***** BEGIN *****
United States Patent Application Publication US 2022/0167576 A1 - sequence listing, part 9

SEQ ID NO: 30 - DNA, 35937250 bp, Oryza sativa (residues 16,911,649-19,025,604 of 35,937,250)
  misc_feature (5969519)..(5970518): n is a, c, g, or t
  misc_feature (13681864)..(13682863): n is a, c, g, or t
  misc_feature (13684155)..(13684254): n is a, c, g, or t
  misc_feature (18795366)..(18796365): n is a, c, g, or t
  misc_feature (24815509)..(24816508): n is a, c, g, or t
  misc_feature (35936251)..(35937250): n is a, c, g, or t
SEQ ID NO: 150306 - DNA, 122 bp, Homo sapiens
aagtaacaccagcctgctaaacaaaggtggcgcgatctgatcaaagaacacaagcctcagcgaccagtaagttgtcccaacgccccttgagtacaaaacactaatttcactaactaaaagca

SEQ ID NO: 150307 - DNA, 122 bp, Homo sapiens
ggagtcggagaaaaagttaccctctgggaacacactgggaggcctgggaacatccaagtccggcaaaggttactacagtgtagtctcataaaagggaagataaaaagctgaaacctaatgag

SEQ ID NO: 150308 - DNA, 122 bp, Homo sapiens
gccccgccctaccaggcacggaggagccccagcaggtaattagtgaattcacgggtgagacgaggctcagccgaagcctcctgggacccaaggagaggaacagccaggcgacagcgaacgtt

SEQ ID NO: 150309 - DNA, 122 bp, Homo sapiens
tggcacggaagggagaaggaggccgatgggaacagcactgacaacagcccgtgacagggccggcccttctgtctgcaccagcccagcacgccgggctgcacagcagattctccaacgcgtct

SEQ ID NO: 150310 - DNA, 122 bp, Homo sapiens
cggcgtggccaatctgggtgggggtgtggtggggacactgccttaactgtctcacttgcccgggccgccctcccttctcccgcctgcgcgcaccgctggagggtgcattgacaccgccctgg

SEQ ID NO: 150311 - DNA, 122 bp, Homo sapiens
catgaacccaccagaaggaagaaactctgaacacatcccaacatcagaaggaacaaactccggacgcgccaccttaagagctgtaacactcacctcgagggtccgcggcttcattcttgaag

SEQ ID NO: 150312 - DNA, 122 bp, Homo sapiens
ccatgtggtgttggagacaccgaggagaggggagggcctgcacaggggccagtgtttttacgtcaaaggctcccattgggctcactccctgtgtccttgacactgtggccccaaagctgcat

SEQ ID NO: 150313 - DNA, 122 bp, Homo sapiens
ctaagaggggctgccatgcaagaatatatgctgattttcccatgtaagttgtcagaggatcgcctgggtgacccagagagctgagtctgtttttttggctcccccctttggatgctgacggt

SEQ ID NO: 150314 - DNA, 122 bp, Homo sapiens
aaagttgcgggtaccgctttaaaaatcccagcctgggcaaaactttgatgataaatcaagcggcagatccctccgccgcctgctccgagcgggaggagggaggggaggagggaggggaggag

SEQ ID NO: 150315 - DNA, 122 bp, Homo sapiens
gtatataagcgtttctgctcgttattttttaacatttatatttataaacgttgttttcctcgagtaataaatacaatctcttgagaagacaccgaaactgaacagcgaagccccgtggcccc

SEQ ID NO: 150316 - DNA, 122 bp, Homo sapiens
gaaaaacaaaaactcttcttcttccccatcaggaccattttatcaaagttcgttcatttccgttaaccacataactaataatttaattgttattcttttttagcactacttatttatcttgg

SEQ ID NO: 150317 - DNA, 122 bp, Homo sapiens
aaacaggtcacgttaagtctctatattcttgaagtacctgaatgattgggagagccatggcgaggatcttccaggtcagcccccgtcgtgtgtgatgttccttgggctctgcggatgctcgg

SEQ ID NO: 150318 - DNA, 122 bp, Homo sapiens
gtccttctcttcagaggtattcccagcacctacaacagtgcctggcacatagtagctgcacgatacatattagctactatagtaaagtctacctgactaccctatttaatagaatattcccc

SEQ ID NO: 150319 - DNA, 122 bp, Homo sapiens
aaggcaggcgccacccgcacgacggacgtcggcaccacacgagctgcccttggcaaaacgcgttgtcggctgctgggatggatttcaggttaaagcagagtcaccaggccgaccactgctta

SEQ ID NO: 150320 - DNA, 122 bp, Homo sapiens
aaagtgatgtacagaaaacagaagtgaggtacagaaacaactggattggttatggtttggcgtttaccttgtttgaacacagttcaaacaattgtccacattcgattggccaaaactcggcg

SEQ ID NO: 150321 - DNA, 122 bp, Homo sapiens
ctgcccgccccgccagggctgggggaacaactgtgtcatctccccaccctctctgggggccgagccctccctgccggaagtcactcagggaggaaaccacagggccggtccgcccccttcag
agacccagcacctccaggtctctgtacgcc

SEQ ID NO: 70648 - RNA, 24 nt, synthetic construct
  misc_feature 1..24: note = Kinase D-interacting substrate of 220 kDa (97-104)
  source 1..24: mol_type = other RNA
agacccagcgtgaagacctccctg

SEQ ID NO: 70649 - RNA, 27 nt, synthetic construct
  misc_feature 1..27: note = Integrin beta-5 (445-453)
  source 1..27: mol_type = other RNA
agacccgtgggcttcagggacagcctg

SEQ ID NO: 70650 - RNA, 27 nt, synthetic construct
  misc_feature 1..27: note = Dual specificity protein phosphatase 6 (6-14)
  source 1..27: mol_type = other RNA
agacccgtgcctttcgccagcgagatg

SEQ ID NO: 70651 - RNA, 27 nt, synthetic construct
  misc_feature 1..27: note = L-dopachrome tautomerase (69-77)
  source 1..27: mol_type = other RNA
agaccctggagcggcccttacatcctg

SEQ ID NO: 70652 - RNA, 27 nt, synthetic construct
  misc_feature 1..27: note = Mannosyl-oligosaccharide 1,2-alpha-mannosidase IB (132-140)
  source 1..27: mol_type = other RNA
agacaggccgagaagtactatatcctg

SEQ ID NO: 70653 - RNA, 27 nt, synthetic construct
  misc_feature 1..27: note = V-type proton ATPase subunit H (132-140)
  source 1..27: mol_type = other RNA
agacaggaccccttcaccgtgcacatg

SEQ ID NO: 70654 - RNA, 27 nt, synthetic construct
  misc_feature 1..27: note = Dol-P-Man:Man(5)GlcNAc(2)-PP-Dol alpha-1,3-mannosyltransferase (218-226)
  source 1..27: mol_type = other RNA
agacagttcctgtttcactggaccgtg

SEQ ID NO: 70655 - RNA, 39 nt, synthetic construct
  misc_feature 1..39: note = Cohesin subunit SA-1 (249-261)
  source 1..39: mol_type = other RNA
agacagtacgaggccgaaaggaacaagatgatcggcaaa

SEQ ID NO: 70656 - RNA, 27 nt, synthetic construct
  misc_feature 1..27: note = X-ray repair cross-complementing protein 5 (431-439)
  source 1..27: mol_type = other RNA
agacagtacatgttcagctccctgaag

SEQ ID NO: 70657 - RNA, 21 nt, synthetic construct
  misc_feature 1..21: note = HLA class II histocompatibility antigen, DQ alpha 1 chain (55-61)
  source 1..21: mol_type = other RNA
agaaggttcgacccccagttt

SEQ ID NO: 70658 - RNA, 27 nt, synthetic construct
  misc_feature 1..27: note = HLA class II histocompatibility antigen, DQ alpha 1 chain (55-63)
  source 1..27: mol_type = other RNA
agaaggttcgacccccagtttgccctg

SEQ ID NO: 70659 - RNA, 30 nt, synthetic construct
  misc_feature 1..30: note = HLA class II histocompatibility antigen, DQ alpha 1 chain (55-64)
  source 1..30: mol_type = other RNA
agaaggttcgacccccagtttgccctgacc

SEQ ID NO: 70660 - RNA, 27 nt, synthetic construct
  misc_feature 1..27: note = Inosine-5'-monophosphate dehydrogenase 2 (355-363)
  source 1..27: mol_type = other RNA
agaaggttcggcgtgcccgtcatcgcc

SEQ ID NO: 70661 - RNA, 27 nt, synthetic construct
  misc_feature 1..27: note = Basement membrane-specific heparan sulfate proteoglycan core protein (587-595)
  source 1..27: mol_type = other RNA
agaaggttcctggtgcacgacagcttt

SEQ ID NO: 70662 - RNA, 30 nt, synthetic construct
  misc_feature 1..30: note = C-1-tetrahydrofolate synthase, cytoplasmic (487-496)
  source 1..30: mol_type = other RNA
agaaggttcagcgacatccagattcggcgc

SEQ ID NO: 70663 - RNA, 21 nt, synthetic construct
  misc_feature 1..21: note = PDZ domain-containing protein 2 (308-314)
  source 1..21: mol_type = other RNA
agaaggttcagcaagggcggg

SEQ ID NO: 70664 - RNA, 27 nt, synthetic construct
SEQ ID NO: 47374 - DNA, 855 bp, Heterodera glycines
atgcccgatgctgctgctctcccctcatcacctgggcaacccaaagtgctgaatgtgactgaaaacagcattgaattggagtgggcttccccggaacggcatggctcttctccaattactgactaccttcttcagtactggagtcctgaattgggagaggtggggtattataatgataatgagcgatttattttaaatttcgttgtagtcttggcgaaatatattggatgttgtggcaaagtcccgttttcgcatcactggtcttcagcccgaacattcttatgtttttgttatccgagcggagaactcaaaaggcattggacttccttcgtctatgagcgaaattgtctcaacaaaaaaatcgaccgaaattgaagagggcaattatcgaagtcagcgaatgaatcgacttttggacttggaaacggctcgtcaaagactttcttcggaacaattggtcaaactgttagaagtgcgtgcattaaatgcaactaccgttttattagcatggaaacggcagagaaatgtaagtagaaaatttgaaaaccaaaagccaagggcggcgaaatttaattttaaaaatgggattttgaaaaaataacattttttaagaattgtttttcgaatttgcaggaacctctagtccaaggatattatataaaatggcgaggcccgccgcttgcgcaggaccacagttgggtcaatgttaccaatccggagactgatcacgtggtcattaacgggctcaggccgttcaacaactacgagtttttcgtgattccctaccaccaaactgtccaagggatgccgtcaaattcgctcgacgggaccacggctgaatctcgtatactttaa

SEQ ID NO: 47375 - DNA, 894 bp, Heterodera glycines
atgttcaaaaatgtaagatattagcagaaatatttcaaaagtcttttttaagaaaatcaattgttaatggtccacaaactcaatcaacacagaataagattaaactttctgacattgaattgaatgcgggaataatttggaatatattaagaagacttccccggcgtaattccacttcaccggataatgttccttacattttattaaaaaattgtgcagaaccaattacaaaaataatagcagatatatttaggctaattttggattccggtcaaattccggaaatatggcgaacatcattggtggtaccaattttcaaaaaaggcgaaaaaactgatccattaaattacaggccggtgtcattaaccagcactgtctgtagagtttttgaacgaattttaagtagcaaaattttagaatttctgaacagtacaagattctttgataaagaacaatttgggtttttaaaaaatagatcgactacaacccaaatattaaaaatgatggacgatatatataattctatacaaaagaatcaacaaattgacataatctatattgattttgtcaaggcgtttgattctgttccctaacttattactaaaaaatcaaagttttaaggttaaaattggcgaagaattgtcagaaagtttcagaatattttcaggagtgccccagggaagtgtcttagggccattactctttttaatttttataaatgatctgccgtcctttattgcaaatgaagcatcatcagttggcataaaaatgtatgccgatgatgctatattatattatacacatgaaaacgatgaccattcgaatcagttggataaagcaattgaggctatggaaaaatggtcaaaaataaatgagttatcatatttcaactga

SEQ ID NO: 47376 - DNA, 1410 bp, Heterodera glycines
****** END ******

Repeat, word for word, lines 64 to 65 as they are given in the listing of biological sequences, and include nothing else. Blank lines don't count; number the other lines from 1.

  source 1..27: mol_type = other RNA
agacaggaccccttcaccgtgcacatg